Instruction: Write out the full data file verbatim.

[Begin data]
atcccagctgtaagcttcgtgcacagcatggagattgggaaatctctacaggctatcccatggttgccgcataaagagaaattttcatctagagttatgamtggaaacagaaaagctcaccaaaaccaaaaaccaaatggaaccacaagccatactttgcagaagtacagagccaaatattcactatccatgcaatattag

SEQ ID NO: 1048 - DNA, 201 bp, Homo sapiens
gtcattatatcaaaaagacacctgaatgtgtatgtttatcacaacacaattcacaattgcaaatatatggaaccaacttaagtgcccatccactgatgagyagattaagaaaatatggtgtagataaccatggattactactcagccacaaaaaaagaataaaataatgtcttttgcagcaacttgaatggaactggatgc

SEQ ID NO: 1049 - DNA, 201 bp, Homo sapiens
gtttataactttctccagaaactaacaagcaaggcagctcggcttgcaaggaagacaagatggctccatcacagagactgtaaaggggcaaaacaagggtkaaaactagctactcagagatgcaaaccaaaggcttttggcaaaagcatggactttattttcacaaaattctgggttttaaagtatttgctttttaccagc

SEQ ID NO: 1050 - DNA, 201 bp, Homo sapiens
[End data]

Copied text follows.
atcccagctgtaagcttcgtgcacagcatggagattgggaaatctctacaggctatcccatggttgccgcataaagagaaattttcatctagagttatgamtggaaacagaaaagctcaccaaaaccaaaaaccaaatggaaccacaagccatactttgcagaagtacagagccaaatattcactatccatgcaatattag

SEQ ID NO: 1048 - DNA, 201 bp, Homo sapiens
gtcattatatcaaaaagacacctgaatgtgtatgtttatcacaacacaattcacaattgcaaatatatggaaccaacttaagtgcccatccactgatgagyagattaagaaaatatggtgtagataaccatggattactactcagccacaaaaaaagaataaaataatgtcttttgcagcaacttgaatggaactggatgc

SEQ ID NO: 1049 - DNA, 201 bp, Homo sapiens
gtttataactttctccagaaactaacaagcaaggcagctcggcttgcaaggaagacaagatggctccatcacagagactgtaaaggggcaaaacaagggtkaaaactagctactcagagatgcaaaccaaaggcttttggcaaaagcatggactttattttcacaaaattctgggttttaaagtatttgctttttaccagc

SEQ ID NO: 1050 - DNA, 201 bp, Homo sapiens